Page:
Level of consultation

The case of the man showing signs of suicide is a special mental health problem owing to the fact that the ailment that has led to this situation is incurable. In addition, the condition is characterized by psychological trauma, sociological impairment and physical harm.

The dad has MS that has led to his inability to provide for the family as he has to cover other expenses. The unpaid bills have accumulated to such a level that the family is just days away from eviction. It is also likely that the man perceives the future loss of employment because the condition is recurring. In this understanding, it can be argued that the client issue needs to be addressed continually. Therefore, this is a special case of an individual going through mental distress as a result of multiple sclerosis and requires case consultation.

As noted earlier, a consultation process that fosters collaborative relationship between the consultant and the consultee is vital. Fundamental to this model is the assumption that the consultant-consultee relationship is deliberate and non-coercive, meaning that the consultee can freely accept or reject the recommendations therein (Caplan, 1995).

The key aim of this approach is to offer a service that helps the consultee to solve a specific work-related issue (evaluating suicide risk and planning treatment related to multiple sclerosis) and to provide an educational aspect that assists the consultee to work with increased independence (clinical aptitude when dealing with suicidal clients suffering from multiple sclerosis) when facing similar situations in the future.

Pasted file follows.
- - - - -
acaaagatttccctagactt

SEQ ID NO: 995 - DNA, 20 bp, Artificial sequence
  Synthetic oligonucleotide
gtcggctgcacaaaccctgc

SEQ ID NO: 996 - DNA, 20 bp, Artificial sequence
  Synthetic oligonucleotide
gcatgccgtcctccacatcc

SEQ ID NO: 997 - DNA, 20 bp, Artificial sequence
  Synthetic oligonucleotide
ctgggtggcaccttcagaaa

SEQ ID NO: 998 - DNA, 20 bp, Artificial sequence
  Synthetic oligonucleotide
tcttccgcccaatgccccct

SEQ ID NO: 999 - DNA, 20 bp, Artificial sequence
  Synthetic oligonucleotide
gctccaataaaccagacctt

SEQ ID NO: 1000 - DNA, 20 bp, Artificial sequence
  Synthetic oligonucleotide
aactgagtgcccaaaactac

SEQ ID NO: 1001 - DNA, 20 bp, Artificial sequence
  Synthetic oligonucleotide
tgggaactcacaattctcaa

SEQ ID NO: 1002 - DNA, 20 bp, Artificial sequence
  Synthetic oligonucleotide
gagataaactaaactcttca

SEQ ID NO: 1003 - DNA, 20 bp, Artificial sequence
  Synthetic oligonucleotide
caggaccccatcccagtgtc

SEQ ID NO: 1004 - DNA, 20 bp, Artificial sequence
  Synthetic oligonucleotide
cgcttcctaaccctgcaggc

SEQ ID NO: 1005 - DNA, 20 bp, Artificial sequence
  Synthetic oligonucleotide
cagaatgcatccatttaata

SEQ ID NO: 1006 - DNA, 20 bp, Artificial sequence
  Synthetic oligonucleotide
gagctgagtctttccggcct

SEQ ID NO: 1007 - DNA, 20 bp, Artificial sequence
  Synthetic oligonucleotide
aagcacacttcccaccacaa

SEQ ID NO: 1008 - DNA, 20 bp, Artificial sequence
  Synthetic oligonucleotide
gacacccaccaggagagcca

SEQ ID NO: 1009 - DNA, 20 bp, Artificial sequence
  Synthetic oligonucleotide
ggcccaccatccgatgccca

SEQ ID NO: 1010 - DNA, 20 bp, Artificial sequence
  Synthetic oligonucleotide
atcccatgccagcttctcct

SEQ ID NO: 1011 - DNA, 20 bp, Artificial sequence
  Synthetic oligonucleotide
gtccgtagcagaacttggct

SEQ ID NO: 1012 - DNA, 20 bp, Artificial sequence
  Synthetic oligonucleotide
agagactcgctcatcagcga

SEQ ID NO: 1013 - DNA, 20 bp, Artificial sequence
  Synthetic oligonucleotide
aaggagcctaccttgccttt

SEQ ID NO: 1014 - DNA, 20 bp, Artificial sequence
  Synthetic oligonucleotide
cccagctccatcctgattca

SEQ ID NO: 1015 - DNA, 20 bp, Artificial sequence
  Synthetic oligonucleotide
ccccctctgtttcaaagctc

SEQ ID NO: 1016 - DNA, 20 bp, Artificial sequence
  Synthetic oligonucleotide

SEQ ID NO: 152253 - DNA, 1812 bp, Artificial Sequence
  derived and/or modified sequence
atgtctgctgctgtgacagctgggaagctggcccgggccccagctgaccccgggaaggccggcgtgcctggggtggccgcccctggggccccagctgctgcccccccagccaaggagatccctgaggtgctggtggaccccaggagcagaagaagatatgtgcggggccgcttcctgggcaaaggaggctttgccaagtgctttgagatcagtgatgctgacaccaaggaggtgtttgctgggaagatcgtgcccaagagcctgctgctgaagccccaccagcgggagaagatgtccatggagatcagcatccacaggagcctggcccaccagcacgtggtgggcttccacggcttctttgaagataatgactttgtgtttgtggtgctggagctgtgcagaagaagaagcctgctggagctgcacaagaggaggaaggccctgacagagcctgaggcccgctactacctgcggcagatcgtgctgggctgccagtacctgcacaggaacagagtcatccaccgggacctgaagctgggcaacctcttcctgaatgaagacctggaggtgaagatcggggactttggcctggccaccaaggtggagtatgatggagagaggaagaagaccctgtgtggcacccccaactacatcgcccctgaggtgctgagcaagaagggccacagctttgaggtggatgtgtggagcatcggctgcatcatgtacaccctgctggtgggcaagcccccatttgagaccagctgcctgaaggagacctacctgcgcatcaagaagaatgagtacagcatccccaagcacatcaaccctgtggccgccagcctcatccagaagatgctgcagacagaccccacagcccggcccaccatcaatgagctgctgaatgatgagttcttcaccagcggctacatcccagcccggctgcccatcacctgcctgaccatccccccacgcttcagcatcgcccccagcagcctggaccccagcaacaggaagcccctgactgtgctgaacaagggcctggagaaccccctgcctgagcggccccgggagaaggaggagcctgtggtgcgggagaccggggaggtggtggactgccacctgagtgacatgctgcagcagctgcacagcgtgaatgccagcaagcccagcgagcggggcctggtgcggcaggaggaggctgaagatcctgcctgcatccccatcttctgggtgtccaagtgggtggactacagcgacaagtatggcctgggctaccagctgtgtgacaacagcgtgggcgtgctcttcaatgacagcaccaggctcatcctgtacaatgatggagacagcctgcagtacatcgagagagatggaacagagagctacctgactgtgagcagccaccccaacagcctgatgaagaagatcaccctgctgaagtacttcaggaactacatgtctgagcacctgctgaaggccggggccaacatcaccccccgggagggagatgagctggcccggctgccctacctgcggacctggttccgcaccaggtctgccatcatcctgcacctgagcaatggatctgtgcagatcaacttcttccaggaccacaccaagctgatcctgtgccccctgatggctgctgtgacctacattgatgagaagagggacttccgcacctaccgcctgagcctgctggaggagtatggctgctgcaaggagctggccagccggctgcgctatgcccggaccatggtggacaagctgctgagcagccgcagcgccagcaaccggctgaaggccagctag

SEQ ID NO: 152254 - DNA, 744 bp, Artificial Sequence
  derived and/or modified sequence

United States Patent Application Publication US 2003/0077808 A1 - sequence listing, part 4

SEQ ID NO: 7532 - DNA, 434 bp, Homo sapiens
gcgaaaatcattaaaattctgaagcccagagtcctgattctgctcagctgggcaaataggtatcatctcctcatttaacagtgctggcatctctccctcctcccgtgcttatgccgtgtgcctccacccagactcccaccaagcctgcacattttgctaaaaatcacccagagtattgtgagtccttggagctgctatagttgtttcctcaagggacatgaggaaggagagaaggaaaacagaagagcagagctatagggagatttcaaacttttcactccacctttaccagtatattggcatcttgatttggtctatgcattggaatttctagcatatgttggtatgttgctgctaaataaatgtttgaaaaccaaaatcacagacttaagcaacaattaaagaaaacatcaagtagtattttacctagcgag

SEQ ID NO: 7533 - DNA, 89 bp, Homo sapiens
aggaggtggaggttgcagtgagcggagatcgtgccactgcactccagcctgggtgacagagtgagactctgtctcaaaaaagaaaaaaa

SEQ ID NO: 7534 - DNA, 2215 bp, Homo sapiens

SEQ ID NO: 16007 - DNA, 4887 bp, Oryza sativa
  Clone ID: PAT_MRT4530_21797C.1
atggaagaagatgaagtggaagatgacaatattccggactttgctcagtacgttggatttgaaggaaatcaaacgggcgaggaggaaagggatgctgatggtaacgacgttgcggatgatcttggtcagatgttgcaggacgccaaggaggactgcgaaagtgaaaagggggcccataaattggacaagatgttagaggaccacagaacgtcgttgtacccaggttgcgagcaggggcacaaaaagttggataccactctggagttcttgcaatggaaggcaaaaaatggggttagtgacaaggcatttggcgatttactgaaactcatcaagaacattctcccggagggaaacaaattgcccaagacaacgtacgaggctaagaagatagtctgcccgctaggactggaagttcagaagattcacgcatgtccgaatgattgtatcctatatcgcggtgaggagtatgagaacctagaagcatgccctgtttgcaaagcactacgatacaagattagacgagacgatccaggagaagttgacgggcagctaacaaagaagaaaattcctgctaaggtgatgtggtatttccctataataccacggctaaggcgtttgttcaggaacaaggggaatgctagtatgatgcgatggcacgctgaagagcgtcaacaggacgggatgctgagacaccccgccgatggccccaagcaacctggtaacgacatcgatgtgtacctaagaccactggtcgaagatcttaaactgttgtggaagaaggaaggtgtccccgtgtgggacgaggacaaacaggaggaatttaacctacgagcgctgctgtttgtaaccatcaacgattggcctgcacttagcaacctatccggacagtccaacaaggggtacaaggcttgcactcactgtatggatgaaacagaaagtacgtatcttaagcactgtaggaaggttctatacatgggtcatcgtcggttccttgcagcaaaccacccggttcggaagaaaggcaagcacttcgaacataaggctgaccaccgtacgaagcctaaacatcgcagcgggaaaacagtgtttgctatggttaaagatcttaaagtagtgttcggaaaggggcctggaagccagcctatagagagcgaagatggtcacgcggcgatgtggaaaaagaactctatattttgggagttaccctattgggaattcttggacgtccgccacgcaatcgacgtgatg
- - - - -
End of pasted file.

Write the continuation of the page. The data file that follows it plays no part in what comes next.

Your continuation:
Conclusion

Consultants play a central role in providing clinicians with assistance to conceptualize suicide cases and plan treatments which eventually enhance their skills when working with such patients. For the patients suffering in multiple sclerosis crisis, the most effective consultation model is a collaborative service that involves all pertinent practitioners with a focus on assessing risk factors and planning treatment with respect to the findings.

Such a model requires case consultation in which the key aim is to offer a service that helps the consultee to solve a specific work-related issue and to provide an educational aspect that assists the consultee to work with increased independence when facing similar situations in the future.

References

Caplan, G. (1995). Types of mental health consultation. Journal of Educational and Psychological Consultation, 6(1), 7-21.

Granello, D. H. (2010). A suicide crisis intervention model with 25 practical strategies for implementation. Journal of Mental Health Counseling, 32(3), 218-335.

Jobes, D. A., Rudd, M. D., Overholser, J. C. & Joiner, T. E. (2008). Ethical and competent care of suicidal patients: Contemporary challenges, new developments, and considerations for clinical practice. Professional Psychology Research and Practice, 39(4), 405-413.

Leon, J. B., Gonzalez, J. M., & Navarro, J. R. (2005). Quality of life and its assessment in multiple sclerosis: integrating physical and psychological components of wellbeing. The Lancet Neurology 4(9), 555-566.

Meichenbaum, D. (2005). 35 years of working with suicidal patients: Lessons learned. Canadian Psychology, 46(2), 64-72.

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IvyPanda. "Suicide Prevention in Patients with Multiple Sclerosis (MS)." May 13, 2019. https://ivypanda.com/essays/suicide-prevention-essay/.

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IvyPanda. 2019. "Suicide Prevention in Patients with Multiple Sclerosis (MS)." May 13, 2019. https://ivypanda.com/essays/suicide-prevention-essay/.

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IvyPanda. (2019) 'Suicide Prevention in Patients with Multiple Sclerosis (MS)'. 13 May.